The body of the tests:

import pytest
from populus.project import Project
from time import time
from web3.testing import Testing

p = Project(project_dir='/home/wil/Documents/python/populus/test_project')

dayInSeconds = 86400

with p.get_chain('tester') as chain:
    web3 = chain.web3
    testing = Testing(web3)

    def test_function(web3, chain):
        bountiesInstance, deploy_tx_hash = chain.provider.get_or_deploy_contract('Bounties')
        tx_hash = bountiesInstance.transact({'value': 500000000000000000}).issueBounty('data', \
                web3.eth.getBlock('latest').timestamp + (dayInSeconds * 2))

        chain.wait.for_receipt(tx_hash)
        tx_receipt = web3.eth.getTransactionReceipt(tx_hash)

        assert tx_receipt['logs'] is not None, "an event exists in the transaction receipt"
        assert len(tx_receipt['logs']) == 1

        event_logs = bountiesInstance.events.BountyIssued().processReceipt(tx_receipt)

        assert event_logs[0]['args']['bounty_id'] == 0, "bounty_id should be indexed starting at 0"
        assert event_logs[0]['args']['issuer'] == web3.eth.accounts[0], "issuer should be equal to accounts[0]"
        assert event_logs[0]['args']['amount'] == 500000000000000000, "should be equal to amount sent by issuer"
        assert event_logs[0]['args']['data'] == 'data', "should be 'data' string"

    def test_call(web3, chain):
        bountiesInstance, deploy_tx_hash = chain.provider.get_or_deploy_contract('Bounties')
        result = bountiesInstance.call(
                {'from': web3.eth.accounts[0], 'value': 500000000000000000}).issueBounty(
                        'data', web3.eth.getBlock('latest').timestamp + (dayInSeconds * 2))

        assert result == 0, "issueBounty() call did not return correct value"    

    def test_expiry(web3, chain):
        bountiesInstance, deploy_tx_hash = chain.provider.get_or_deploy_contract('Bounties')
        tx_hash = bountiesInstance.transact({'value': 500000000000000000}).issueBounty('data', \
                web3.eth.getBlock('latest').timestamp + (dayInSeconds *2))

        chain.wait.for_receipt(tx_hash)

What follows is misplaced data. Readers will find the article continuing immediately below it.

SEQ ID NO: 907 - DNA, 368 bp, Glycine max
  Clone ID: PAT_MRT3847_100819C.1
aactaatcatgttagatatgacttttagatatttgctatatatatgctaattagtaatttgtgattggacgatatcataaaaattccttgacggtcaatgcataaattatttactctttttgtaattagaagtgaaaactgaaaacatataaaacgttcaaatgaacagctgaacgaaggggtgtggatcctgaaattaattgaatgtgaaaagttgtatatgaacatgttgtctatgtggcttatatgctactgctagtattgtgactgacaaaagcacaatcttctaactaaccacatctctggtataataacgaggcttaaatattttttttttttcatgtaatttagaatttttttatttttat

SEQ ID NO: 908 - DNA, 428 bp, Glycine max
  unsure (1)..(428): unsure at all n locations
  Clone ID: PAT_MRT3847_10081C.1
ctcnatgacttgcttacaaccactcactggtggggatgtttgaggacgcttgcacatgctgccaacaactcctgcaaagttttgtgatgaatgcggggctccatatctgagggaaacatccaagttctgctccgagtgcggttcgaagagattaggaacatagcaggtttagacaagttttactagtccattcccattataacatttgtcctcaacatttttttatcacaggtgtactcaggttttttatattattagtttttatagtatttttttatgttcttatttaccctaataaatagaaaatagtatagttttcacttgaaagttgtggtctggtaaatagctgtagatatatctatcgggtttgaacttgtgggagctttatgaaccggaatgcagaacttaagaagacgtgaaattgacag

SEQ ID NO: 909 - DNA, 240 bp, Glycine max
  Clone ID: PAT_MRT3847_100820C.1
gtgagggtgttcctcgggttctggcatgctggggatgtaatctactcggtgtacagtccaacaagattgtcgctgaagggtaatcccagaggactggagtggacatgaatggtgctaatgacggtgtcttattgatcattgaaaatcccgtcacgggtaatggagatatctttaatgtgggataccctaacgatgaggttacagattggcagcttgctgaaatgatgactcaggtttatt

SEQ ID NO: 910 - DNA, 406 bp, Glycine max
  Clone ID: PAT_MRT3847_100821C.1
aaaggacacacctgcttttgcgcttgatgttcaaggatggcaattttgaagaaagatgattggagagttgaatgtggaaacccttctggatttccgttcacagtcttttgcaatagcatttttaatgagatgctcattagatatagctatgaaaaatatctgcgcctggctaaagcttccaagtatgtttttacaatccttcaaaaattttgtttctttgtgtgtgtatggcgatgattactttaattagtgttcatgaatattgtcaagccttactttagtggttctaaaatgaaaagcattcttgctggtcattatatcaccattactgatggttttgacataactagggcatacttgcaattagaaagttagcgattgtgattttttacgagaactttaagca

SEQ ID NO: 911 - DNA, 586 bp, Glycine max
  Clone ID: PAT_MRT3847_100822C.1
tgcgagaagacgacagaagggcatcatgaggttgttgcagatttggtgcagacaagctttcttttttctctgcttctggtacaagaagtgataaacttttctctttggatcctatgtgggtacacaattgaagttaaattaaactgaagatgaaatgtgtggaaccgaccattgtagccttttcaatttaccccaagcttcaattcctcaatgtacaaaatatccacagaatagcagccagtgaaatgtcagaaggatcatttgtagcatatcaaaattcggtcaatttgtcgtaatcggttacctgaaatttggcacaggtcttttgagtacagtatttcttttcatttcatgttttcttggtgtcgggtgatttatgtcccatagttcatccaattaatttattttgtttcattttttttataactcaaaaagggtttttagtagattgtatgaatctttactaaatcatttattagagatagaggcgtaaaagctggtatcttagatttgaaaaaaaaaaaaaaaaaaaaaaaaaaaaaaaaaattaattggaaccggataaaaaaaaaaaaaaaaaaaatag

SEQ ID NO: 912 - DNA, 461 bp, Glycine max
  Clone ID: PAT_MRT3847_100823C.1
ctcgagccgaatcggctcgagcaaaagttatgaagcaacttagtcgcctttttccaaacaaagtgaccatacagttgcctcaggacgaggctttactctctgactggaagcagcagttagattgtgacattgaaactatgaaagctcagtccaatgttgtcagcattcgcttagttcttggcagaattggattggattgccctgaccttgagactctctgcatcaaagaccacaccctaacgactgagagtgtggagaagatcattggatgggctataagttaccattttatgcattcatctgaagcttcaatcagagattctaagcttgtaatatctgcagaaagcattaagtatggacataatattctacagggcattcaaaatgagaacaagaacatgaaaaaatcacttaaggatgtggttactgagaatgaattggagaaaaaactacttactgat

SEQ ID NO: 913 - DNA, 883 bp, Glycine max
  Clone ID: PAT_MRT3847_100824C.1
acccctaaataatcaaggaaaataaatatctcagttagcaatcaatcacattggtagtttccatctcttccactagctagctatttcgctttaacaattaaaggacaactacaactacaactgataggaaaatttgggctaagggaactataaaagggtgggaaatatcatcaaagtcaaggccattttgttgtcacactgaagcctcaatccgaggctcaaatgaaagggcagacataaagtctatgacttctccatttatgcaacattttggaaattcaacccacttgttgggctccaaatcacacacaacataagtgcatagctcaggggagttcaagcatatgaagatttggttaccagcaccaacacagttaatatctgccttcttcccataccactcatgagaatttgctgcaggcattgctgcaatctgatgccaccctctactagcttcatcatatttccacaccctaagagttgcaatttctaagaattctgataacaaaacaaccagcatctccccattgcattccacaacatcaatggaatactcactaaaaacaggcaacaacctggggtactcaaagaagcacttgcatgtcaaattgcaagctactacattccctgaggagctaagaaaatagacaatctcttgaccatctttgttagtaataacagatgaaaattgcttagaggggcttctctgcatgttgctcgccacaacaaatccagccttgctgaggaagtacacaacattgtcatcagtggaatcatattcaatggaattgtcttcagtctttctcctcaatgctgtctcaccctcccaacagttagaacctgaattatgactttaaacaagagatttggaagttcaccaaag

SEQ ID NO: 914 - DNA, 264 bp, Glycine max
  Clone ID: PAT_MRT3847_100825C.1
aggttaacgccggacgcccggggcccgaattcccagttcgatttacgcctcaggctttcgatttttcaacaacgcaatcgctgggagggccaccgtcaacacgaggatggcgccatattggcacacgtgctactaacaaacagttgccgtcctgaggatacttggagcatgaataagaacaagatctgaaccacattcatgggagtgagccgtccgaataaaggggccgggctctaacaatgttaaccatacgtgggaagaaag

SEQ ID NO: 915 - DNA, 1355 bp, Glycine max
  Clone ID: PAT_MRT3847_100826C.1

tx_receipt = web3.eth.getTransactionReceipt(tx_hash)

        issue_event_logs = bountiesInstance.events.BountyIssued().processReceipt(tx_receipt)

        thefuture = testing.timeTravel(int(web3.eth.getBlock('latest').timestamp + (dayInSeconds * 3)))
        tx_fulfill_hash = bountiesInstance.transact({'from': web3.eth.accounts[1]}).fulfillBounty(
                0,'data')
        tx_fulfill_receipt = web3.eth.getTransactionReceipt(tx_fulfill_hash)
        fulfill_event_logs = bountiesInstance.events.BountyFulfilled().processReceipt(tx_fulfill_receipt)

        assert web3.eth.getTransactionReceipt(tx_fulfill_hash).status == 0

Right now, the only wait to get the web3.eth.getTransactionReceipt('TXHASHHERE').status attribute to return is to use the following Populus repo in it's own virtualenv:

$ pip install -e git+https://github.com/voith/populus.git@update-eth-tester#egg=populus

Voith Mascarenhas (https://github.com/voith) is I believe the sole Populus contributor at the moment, and a lot of the work to improve Populus has been the result of his work. https://github.com/voith

Your testing needs will vary. The good news is that Populus now supports Web3.py 4.6.0.

For further For further information on testing, you can use the pytest documentation @ https://docs.pytest.org/en/latest/contents.html and the web3.py documentation @ https://web3py.readthedocs.io/en/stable/

Populus appears to be planning the implementation of eth-tester in the future.

Outline
  • Populus, the tester chain, and web3.py: Testing your smart contract

OWNER
wil